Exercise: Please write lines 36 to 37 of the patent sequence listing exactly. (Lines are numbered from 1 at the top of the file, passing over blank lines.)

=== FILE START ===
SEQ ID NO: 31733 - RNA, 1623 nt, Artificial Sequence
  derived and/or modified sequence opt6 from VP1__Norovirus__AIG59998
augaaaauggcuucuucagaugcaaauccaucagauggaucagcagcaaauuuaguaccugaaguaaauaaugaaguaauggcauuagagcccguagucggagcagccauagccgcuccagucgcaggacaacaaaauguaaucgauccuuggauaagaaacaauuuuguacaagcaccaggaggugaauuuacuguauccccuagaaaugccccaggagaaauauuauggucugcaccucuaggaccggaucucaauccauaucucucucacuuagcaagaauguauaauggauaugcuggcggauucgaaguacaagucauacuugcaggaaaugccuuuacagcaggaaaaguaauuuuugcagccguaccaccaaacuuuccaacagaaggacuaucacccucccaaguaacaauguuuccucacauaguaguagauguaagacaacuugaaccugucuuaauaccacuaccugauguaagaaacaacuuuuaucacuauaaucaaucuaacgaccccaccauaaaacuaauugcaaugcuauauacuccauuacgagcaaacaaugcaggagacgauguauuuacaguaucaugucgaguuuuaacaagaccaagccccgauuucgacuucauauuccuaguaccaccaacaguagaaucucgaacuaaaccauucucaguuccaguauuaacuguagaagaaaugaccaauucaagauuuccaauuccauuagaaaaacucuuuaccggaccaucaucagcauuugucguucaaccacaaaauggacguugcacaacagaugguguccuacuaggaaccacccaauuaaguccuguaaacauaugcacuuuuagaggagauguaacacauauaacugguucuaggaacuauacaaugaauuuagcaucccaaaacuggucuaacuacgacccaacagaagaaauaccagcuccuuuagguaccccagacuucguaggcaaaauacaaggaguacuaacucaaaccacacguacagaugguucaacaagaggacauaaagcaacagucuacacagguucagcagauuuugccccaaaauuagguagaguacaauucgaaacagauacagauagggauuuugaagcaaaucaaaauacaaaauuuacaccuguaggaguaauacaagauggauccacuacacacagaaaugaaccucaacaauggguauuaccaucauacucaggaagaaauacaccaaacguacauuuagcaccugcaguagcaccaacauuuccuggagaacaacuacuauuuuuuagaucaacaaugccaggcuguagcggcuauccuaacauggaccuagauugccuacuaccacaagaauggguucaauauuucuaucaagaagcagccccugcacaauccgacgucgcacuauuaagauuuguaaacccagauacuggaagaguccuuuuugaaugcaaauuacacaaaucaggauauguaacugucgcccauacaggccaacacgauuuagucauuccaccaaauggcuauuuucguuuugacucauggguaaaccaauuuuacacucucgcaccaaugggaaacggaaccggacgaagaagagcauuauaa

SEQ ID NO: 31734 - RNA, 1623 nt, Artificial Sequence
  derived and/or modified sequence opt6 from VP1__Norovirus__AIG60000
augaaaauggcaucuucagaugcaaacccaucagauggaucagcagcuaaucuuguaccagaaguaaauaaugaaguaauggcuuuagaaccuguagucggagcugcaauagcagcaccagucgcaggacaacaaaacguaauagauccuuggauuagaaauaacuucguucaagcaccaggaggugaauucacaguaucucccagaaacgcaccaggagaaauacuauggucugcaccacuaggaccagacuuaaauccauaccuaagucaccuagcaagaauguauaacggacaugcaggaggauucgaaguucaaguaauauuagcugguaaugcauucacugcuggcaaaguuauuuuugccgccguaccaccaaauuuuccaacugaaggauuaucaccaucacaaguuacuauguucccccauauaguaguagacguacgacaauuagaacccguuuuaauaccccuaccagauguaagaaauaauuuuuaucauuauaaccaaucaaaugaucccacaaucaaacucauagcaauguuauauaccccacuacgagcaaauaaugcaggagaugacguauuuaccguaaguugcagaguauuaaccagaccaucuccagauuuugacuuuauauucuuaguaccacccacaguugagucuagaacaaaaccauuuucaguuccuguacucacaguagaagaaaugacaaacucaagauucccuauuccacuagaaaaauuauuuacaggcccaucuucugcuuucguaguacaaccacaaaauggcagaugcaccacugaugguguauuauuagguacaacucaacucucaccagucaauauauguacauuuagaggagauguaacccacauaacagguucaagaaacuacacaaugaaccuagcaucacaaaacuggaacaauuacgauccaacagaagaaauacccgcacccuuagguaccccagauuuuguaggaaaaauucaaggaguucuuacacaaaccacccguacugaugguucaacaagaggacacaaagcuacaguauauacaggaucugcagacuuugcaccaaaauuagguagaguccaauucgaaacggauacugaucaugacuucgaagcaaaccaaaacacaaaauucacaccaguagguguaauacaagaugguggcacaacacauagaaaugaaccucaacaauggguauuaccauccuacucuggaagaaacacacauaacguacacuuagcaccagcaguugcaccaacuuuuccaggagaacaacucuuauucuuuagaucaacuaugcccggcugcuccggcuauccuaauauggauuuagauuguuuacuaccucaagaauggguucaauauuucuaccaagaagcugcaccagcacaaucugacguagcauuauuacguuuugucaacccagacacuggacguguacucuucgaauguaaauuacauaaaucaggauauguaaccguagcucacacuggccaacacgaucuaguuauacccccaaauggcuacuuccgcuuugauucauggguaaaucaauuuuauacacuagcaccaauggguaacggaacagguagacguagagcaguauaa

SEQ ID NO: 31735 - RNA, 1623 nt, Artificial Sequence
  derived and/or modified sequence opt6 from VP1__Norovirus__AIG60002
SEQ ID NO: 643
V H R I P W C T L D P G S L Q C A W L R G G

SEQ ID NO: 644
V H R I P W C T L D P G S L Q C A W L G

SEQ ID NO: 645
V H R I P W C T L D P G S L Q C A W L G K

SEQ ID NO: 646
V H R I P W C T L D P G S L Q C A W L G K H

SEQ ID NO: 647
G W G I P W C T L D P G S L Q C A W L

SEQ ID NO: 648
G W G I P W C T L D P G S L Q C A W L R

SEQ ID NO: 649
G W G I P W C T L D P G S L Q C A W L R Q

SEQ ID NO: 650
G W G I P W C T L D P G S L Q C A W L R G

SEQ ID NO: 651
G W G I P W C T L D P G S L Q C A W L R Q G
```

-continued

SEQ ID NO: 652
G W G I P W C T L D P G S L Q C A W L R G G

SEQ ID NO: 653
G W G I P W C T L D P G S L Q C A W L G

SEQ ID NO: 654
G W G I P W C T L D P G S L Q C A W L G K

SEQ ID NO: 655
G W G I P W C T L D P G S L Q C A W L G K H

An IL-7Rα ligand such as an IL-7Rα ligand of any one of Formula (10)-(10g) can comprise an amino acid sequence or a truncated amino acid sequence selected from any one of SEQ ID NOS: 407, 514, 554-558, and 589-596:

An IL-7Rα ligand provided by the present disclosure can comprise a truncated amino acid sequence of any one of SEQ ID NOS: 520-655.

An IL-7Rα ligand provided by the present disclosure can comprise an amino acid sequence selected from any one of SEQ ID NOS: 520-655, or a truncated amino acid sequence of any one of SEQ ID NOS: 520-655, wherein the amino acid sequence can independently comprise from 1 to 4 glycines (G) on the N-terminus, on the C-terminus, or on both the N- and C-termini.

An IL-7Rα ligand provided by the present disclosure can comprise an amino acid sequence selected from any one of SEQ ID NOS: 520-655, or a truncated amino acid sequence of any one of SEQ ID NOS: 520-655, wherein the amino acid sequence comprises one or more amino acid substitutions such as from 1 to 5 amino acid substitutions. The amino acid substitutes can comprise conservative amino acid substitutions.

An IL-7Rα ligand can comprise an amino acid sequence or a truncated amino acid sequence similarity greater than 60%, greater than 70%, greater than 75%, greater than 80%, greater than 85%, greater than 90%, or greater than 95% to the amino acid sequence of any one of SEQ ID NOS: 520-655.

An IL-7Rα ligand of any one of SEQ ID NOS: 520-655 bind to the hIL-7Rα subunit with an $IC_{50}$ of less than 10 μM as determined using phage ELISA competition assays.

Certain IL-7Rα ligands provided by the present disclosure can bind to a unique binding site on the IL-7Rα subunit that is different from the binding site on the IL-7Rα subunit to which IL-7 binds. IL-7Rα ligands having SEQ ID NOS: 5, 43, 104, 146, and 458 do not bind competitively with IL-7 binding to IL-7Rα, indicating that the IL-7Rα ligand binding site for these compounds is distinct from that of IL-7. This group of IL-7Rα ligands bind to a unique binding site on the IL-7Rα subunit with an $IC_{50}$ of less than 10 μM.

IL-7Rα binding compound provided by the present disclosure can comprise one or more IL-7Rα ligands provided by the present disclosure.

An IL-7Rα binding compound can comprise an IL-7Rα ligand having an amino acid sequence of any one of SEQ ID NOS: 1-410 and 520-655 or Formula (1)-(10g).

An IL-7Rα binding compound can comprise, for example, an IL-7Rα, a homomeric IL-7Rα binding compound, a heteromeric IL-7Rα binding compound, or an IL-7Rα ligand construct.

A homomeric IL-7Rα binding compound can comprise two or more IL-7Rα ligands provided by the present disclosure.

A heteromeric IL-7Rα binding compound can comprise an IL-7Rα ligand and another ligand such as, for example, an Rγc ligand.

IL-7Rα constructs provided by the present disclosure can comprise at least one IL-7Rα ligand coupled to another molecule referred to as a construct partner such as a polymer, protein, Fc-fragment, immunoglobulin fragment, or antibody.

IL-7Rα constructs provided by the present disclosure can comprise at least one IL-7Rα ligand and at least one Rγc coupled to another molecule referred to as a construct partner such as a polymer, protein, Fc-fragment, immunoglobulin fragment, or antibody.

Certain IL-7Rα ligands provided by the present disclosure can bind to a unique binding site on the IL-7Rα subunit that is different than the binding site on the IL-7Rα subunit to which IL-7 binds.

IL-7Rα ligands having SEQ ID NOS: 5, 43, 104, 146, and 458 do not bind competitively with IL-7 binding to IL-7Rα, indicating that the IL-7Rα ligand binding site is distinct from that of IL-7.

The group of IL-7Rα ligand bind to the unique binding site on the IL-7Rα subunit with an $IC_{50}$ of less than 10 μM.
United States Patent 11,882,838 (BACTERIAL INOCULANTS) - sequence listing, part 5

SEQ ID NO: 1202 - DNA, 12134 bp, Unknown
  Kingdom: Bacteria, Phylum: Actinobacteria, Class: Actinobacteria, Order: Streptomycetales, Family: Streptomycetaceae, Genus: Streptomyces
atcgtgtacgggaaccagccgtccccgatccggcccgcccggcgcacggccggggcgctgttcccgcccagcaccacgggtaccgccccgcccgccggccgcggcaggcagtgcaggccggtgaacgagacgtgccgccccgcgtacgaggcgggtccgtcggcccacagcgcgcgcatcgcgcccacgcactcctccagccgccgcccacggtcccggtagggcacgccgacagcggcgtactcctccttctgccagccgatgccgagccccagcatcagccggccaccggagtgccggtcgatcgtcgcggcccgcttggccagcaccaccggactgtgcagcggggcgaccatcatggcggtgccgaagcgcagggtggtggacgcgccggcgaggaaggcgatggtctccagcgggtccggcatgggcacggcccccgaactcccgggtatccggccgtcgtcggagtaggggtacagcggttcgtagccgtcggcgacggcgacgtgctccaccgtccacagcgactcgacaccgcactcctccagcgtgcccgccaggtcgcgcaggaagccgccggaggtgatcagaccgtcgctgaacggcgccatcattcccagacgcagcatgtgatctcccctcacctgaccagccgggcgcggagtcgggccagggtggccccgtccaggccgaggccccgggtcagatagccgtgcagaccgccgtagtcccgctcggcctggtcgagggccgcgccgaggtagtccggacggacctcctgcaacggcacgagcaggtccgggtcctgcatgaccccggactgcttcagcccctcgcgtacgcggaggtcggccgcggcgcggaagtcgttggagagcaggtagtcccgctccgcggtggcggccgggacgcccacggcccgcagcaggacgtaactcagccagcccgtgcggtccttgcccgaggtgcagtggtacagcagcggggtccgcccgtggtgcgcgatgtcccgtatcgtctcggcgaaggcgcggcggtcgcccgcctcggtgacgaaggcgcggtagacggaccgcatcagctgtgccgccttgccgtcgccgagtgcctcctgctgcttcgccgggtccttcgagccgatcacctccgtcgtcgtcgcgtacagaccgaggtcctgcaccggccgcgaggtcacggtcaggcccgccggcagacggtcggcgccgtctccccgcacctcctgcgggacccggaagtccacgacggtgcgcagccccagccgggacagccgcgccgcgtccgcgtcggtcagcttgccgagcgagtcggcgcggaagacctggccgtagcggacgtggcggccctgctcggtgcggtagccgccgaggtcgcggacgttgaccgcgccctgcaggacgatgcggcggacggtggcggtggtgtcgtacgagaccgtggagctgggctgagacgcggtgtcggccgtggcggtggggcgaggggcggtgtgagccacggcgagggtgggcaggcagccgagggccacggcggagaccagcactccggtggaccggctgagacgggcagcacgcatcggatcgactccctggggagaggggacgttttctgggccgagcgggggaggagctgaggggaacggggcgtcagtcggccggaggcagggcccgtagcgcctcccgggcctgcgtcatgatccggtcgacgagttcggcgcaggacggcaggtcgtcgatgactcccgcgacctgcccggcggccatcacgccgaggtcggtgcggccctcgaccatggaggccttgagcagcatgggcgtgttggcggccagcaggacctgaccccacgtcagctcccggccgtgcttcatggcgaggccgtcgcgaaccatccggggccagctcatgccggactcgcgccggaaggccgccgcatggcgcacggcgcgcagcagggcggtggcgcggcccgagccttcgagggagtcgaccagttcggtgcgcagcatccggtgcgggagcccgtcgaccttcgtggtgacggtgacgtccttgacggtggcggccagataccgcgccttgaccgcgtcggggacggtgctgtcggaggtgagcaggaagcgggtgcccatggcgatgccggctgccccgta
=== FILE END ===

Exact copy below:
G W G I P W C T L D P G S L Q C A W L G K H

An IL-7Rα ligand such as an IL-7Rα ligand of any one of Formula (10)-(10g) can comprise an amino acid sequence or a truncated amino acid sequence selected from any one of SEQ ID NOS: 407, 514, 554-558, and 589-596: